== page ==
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CBP Ruling Changes: Fruit Products, Car Covers, Solar Kits

Friday, May 24, 2019
Sandler, Travis & Rosenberg Trade Report

The following proposed revocations or modifications of U.S. Customs and Border Protection rulings are included in the May 15, 2019, Customs Bulletin and Decisions. Comments are due no later than June 14.

Fruit Products

CBP is proposing to reclassify fruit products containing pineapple and mango with lime juice and pineapple and banana with lime juice as mixtures of dried fruits otherwise prepared or preserved under HTSUS 0813.50.00 (14 percent duty) and to hold that they are entitled to duty-free treatment under the African Growth and Opportunity Act. CBP had previously classified these items as other fruit mixtures under HTSUS 2008.97.1040 (5.6 percent duty) or 2008.97.9094 (14.9 percent duty) and found that they were not eligible for duty-free treatment under AGOA. Rulings NY N293259 and NY N296311 would be modified to reflect this change.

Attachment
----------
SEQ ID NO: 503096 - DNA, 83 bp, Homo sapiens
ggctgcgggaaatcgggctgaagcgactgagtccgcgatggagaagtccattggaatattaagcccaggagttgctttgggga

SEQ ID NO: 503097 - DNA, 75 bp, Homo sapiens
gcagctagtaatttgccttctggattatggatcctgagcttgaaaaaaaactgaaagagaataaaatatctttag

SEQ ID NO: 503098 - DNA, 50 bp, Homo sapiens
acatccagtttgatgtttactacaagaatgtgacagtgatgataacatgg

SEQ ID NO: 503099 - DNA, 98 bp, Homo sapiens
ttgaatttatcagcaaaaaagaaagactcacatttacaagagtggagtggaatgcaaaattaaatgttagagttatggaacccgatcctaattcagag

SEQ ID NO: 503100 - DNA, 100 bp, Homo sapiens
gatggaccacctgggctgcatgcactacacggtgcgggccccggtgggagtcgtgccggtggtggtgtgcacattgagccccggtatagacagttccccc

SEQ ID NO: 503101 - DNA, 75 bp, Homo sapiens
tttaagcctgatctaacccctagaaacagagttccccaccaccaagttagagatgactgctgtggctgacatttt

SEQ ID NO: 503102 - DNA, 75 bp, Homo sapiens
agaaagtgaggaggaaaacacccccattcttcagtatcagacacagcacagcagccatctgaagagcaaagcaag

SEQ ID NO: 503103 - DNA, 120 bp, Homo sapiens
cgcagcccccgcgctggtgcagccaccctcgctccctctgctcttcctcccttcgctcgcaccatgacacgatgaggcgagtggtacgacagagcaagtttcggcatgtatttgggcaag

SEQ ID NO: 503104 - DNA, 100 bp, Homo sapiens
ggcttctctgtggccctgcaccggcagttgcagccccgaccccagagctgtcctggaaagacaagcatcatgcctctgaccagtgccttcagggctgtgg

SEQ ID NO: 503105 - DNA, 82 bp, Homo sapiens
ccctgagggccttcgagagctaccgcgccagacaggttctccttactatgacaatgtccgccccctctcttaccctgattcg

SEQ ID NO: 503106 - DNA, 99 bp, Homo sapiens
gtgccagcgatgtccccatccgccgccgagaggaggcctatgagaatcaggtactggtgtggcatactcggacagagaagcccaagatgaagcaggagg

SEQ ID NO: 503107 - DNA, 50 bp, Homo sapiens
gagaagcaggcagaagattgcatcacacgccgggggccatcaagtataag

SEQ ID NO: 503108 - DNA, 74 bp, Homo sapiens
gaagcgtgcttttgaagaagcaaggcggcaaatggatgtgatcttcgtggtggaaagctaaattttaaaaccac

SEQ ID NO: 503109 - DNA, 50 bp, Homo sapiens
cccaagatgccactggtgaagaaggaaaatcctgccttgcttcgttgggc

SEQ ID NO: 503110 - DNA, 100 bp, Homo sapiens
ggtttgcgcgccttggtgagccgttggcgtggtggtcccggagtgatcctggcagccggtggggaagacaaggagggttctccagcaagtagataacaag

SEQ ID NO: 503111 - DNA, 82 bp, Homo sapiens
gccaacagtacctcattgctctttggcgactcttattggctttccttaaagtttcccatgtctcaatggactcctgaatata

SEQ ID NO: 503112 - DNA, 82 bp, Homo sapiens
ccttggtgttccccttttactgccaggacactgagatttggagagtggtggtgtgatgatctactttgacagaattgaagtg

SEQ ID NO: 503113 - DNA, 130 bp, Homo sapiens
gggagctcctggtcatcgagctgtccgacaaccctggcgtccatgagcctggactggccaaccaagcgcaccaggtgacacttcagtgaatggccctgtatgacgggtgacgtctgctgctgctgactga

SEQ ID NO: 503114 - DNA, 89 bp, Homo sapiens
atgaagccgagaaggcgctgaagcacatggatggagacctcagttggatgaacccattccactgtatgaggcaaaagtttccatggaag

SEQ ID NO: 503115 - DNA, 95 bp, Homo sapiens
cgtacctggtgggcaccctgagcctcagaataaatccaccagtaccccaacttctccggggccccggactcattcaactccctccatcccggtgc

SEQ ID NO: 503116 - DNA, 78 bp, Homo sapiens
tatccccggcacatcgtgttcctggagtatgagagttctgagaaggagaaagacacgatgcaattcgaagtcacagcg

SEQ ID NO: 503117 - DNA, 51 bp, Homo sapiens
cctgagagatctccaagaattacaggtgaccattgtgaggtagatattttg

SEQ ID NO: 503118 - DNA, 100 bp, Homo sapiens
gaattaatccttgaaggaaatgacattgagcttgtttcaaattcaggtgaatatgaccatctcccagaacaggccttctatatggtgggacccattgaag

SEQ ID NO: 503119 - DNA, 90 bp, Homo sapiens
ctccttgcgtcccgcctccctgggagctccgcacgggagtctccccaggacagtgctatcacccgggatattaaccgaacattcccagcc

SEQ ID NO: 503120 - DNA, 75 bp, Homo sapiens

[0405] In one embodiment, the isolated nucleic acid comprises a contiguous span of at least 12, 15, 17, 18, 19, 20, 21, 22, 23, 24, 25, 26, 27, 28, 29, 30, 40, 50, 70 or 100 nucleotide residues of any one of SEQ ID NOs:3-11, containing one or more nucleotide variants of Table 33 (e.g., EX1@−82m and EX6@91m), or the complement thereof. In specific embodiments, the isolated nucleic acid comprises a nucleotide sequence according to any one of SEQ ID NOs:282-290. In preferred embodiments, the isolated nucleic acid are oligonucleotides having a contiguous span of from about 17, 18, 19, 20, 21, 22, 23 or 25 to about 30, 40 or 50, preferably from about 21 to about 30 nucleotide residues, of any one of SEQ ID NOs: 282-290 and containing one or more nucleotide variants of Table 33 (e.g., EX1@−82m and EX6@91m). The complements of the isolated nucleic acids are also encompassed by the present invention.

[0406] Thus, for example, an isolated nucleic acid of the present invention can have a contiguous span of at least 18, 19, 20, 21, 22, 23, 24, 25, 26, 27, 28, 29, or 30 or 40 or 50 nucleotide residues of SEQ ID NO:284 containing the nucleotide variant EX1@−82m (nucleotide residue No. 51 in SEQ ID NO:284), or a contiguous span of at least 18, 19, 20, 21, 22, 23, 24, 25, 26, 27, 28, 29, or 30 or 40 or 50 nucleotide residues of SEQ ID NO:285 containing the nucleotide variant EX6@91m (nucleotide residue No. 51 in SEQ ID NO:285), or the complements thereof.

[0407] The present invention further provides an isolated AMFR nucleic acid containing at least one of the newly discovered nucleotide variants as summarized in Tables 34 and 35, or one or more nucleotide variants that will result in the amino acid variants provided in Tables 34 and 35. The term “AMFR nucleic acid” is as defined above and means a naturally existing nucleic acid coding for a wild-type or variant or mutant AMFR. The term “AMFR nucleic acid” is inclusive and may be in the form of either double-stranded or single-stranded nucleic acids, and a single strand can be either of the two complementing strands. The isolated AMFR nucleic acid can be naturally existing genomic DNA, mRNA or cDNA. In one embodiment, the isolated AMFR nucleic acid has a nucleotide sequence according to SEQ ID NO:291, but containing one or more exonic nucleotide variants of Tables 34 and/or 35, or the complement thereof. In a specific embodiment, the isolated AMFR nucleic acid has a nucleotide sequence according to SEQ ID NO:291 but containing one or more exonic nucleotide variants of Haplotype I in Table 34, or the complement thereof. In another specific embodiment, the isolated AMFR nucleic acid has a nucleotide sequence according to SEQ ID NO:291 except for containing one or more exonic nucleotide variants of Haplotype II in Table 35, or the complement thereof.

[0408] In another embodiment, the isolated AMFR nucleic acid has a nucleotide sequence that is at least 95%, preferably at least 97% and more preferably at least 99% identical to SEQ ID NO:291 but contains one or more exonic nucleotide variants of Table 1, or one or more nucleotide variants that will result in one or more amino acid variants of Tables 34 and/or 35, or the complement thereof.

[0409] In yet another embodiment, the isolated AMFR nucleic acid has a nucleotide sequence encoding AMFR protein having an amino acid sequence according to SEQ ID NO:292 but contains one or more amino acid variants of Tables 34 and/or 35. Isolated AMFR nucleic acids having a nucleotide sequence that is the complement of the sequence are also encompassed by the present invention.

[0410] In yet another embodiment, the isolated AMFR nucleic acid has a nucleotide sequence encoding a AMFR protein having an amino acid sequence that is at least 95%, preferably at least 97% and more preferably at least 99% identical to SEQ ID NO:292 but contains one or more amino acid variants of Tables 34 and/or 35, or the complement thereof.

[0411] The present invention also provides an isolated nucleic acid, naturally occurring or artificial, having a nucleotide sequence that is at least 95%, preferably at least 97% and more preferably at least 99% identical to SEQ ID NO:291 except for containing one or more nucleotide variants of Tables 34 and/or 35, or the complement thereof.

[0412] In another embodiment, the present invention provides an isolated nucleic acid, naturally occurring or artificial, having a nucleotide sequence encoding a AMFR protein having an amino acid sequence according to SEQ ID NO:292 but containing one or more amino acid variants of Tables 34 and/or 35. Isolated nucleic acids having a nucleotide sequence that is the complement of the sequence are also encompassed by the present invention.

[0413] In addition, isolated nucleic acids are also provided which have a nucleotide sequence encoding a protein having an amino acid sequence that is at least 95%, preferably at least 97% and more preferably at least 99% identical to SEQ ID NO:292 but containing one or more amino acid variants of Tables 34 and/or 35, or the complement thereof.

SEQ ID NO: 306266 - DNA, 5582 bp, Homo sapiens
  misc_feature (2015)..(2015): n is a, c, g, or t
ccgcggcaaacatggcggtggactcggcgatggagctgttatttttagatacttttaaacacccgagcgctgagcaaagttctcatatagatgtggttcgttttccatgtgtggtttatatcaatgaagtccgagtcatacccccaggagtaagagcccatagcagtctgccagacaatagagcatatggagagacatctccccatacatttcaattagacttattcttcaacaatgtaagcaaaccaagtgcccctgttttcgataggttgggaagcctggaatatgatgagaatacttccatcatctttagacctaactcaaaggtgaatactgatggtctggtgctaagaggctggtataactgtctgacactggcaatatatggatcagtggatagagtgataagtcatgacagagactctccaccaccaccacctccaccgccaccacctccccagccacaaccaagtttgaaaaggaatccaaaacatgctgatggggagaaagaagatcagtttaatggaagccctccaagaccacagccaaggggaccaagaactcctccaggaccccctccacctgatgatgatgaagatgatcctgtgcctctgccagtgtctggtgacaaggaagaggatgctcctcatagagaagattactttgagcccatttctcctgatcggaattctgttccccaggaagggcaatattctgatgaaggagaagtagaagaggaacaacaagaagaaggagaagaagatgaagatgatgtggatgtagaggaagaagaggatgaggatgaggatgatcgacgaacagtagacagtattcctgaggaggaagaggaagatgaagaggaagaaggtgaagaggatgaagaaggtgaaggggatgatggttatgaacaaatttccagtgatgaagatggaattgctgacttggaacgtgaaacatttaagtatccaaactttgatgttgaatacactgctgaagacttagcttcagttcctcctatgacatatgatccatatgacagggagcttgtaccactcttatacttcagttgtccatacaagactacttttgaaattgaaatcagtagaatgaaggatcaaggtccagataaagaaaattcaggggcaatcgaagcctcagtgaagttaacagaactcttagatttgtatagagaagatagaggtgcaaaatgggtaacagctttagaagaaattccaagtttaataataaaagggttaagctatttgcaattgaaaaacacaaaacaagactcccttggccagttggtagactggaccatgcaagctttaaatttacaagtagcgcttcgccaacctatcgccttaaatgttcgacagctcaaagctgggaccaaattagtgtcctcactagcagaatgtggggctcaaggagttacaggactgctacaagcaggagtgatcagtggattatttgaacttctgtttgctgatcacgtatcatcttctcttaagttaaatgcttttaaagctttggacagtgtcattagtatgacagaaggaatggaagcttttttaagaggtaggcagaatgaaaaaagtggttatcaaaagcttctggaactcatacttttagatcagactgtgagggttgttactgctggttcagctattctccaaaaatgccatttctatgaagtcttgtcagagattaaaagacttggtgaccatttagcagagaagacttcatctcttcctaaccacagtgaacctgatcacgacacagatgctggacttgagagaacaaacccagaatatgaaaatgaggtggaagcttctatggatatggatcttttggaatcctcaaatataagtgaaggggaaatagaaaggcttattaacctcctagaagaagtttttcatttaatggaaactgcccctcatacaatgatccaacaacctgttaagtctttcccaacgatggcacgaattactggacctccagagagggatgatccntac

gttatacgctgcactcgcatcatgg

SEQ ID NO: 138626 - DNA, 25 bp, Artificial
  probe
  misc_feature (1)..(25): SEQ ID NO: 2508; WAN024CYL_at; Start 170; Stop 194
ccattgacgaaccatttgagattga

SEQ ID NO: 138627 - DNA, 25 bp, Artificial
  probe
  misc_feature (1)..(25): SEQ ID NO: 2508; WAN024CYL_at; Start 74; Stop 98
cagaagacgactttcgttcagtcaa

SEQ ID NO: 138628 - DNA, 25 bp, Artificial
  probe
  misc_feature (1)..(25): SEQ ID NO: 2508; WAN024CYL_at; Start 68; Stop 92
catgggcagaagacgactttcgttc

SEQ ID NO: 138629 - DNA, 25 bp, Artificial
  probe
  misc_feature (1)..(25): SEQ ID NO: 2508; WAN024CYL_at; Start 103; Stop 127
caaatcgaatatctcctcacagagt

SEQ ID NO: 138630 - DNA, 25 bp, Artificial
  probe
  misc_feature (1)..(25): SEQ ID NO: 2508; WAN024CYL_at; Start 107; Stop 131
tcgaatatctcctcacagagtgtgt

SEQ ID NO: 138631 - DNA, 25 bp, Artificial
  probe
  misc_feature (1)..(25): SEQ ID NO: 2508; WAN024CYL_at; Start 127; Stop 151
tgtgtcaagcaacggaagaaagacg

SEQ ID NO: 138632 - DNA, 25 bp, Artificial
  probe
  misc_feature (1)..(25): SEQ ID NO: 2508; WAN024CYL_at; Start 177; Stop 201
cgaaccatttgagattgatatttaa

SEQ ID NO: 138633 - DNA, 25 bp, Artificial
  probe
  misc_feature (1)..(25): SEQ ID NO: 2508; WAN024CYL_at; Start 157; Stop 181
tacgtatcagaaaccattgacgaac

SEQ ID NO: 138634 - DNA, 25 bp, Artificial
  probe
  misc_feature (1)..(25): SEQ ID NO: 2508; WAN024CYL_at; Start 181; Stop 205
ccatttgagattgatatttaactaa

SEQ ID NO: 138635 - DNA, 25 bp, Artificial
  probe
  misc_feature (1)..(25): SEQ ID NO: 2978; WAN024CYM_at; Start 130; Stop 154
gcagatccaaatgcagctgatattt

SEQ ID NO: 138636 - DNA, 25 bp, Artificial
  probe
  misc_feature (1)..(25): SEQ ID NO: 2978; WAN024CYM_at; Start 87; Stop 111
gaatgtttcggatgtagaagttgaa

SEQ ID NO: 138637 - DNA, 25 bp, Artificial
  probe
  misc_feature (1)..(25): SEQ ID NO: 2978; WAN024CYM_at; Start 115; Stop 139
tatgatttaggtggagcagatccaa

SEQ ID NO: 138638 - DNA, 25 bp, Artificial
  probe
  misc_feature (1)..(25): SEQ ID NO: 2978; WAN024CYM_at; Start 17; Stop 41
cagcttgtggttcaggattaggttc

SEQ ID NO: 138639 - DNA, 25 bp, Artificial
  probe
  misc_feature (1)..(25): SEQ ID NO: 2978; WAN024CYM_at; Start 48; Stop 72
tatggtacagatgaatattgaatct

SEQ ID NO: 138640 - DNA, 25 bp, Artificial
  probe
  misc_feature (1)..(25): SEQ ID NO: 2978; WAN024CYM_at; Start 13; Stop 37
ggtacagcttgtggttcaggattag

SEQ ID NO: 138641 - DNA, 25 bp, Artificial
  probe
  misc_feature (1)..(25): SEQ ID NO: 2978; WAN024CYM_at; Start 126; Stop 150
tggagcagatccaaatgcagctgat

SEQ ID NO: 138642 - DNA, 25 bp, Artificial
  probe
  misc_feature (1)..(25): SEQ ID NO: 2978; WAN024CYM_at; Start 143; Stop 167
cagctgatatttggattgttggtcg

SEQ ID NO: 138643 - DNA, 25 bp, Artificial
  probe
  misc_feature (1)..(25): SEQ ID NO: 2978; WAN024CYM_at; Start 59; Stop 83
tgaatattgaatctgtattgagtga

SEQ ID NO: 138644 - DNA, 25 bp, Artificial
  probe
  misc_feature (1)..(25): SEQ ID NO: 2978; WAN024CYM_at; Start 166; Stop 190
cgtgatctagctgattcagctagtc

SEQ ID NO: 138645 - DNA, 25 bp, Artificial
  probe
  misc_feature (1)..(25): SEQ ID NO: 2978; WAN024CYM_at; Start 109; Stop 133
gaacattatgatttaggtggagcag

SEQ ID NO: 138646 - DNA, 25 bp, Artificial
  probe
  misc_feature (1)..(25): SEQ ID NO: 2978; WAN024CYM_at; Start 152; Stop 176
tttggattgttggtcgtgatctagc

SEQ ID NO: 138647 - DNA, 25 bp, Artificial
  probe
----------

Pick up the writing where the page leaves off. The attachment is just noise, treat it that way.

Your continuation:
Textile Car Covers

CBP is proposing to reclassify textile car covers as other made up articles under HTSUS 6307.90.98 (7 percent duty) rather than as motor vehicle parts and accessories under HTSUS 8708.99.50 (3.1 percent duty). CBP explains that the covers are not parts because they are not essential, constituent, or integral to the vehicle, nor are they accessories because they do not directly affect the car’s operation or contribute to the car’s effectiveness. Rulings NY 864763, NY 866826, and HQ 088040 would be revoked to reflect this change.

Solar Kits

CBP is proposing to reclassify solar kits used to charge vehicle batteries as electric generators under HTSUS 8501.31.80 rather than as photosensitive semiconductor devices under HTSUS 8541.40.60. CBP states that the essential character of the kits is determined by the classification of the solar panel components, which include apparatus that allow them to supply power to a vehicle’s battery. Proposed ruling HQ H298151 would be revoked to reflect this change.

For more information on how to seek or utilize classification or other rulings, please contact customs attorney Deb Stern at (305) 894-1007.

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